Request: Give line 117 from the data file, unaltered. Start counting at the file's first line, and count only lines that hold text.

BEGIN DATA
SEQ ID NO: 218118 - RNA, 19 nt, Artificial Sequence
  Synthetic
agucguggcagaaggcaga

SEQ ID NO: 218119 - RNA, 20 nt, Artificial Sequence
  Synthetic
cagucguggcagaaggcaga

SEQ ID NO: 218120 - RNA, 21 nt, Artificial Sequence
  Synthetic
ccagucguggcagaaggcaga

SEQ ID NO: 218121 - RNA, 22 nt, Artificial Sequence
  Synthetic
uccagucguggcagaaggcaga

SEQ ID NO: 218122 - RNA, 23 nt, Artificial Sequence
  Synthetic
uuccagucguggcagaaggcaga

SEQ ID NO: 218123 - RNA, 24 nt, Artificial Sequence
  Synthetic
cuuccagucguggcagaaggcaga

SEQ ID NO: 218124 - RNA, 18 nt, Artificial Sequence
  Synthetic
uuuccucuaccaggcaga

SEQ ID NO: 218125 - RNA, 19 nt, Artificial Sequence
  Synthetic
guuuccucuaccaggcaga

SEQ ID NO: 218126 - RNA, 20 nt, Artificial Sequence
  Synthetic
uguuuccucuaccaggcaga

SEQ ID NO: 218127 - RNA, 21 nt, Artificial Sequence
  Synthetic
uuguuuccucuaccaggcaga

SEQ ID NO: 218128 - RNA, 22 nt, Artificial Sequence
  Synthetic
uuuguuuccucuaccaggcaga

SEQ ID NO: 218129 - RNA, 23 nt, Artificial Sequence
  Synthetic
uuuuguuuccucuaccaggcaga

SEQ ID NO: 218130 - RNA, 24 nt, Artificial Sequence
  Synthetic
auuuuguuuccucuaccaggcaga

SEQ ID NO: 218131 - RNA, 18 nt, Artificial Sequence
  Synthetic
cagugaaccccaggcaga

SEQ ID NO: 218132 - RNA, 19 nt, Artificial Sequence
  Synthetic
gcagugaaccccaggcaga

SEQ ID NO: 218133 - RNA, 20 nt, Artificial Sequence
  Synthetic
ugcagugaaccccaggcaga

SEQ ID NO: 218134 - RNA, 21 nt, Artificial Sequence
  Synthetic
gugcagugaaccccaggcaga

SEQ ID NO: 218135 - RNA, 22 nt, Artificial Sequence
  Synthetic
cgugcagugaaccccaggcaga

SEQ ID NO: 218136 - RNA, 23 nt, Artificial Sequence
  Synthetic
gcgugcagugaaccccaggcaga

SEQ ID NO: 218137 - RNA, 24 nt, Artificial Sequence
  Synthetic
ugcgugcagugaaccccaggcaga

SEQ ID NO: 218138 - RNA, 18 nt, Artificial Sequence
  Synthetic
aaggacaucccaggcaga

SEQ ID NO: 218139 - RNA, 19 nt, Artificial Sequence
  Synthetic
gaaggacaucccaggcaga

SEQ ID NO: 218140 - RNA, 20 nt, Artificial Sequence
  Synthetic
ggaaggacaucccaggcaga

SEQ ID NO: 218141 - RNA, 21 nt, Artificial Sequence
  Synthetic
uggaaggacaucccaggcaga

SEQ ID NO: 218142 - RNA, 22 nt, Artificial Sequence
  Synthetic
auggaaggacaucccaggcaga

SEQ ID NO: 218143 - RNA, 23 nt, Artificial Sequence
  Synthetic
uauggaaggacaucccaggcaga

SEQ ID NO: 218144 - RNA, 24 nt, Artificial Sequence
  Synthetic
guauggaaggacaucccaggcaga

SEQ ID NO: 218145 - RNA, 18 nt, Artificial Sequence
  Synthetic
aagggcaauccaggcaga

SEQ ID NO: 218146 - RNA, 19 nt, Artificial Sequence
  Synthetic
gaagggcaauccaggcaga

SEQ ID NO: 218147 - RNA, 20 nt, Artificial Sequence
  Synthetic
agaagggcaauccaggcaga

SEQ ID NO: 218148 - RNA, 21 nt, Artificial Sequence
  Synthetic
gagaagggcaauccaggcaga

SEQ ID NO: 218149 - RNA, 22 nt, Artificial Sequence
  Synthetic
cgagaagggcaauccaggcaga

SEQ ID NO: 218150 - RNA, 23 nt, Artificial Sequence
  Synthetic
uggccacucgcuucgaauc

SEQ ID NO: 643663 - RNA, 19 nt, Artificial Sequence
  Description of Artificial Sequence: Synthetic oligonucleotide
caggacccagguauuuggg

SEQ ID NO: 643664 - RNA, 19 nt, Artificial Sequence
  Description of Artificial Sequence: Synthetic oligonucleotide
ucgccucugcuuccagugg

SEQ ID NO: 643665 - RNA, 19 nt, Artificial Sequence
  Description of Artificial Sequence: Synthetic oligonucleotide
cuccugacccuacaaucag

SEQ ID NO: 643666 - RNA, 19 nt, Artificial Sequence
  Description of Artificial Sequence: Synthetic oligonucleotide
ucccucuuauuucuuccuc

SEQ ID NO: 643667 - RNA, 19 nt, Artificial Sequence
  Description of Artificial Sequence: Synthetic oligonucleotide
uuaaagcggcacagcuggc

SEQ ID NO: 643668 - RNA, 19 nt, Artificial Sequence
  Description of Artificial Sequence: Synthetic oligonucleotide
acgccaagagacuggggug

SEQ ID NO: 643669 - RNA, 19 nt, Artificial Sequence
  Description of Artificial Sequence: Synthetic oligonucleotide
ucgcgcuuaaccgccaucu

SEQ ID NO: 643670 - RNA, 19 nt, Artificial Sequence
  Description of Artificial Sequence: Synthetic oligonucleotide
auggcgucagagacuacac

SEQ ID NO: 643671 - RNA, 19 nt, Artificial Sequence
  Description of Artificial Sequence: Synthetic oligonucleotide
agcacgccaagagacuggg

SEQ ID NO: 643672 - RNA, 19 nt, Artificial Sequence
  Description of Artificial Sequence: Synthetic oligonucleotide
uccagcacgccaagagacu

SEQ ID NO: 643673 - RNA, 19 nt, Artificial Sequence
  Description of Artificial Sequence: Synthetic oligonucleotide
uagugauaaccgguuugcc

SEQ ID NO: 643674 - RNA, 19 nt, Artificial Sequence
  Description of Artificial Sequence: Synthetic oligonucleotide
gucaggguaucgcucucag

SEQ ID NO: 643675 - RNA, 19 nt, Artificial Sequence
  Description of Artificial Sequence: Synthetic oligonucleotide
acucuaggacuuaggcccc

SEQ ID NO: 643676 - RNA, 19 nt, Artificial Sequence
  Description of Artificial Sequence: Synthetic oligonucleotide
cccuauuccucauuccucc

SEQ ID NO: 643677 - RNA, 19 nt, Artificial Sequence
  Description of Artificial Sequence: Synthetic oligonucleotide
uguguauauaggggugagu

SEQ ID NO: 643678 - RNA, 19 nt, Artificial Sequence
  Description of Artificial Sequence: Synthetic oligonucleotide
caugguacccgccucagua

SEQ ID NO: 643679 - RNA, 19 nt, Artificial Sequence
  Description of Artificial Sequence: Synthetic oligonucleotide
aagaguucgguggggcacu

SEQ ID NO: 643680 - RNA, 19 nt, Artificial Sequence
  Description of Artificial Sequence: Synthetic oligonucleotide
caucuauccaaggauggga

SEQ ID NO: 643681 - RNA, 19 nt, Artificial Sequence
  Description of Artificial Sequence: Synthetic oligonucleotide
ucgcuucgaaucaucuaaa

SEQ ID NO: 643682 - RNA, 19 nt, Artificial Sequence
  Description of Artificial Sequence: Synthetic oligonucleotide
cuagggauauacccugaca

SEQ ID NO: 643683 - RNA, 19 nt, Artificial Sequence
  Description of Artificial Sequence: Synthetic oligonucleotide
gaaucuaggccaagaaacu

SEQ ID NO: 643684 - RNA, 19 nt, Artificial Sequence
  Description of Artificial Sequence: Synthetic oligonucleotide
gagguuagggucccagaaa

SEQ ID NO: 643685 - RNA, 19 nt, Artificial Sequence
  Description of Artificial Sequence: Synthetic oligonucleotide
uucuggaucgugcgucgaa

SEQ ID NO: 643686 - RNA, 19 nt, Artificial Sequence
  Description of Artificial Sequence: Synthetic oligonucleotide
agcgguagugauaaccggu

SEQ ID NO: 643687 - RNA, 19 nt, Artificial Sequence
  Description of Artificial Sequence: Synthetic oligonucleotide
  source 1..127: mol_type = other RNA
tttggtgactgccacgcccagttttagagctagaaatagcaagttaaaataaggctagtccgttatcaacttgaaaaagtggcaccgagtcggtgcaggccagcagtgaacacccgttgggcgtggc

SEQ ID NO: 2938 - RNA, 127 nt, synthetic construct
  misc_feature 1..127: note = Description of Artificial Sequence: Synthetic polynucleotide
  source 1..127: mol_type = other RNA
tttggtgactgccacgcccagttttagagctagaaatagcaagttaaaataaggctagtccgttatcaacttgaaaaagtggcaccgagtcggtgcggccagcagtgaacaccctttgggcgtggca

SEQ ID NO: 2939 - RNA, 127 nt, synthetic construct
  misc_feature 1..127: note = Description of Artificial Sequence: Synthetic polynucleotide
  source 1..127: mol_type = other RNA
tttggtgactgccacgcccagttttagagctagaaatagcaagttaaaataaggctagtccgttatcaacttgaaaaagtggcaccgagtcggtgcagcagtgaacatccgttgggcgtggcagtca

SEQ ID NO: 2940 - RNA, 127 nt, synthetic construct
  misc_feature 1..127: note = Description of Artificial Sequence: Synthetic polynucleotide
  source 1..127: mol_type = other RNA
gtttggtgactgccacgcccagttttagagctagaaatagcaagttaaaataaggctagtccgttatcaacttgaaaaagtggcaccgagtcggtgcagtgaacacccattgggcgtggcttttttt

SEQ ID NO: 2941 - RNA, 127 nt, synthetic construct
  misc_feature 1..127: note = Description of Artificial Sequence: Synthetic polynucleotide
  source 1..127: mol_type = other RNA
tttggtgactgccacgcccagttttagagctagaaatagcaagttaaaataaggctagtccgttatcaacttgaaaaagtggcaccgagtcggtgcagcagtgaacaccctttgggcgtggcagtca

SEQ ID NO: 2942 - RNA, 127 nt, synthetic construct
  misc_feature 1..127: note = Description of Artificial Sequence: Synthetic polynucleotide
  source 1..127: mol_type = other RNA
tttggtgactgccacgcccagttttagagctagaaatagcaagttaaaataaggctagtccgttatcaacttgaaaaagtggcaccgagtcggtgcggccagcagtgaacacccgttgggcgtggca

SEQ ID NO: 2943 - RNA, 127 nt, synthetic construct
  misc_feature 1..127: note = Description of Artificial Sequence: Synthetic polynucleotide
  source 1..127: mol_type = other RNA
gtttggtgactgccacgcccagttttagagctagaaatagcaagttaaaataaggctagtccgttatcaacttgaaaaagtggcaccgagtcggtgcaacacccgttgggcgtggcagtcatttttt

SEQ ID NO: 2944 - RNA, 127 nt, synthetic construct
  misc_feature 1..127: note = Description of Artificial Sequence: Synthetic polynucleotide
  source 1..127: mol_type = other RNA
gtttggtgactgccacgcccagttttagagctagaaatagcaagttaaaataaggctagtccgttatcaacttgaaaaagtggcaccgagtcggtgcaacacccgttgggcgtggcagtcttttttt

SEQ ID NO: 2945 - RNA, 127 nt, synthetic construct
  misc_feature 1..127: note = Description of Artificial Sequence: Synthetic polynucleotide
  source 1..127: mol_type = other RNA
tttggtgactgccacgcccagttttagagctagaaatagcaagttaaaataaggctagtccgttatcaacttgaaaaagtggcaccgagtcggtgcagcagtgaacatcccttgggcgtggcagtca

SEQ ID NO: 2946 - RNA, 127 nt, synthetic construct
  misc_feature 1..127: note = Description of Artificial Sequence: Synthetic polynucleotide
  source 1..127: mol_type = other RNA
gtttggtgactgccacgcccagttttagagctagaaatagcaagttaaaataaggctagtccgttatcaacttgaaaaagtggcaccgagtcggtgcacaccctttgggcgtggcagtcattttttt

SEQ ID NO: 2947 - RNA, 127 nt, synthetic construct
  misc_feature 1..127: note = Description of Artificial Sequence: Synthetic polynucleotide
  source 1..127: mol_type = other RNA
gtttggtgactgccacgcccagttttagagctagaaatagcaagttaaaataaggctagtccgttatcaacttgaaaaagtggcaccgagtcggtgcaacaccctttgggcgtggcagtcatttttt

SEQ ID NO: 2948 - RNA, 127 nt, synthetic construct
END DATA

acgccaagagacuggggug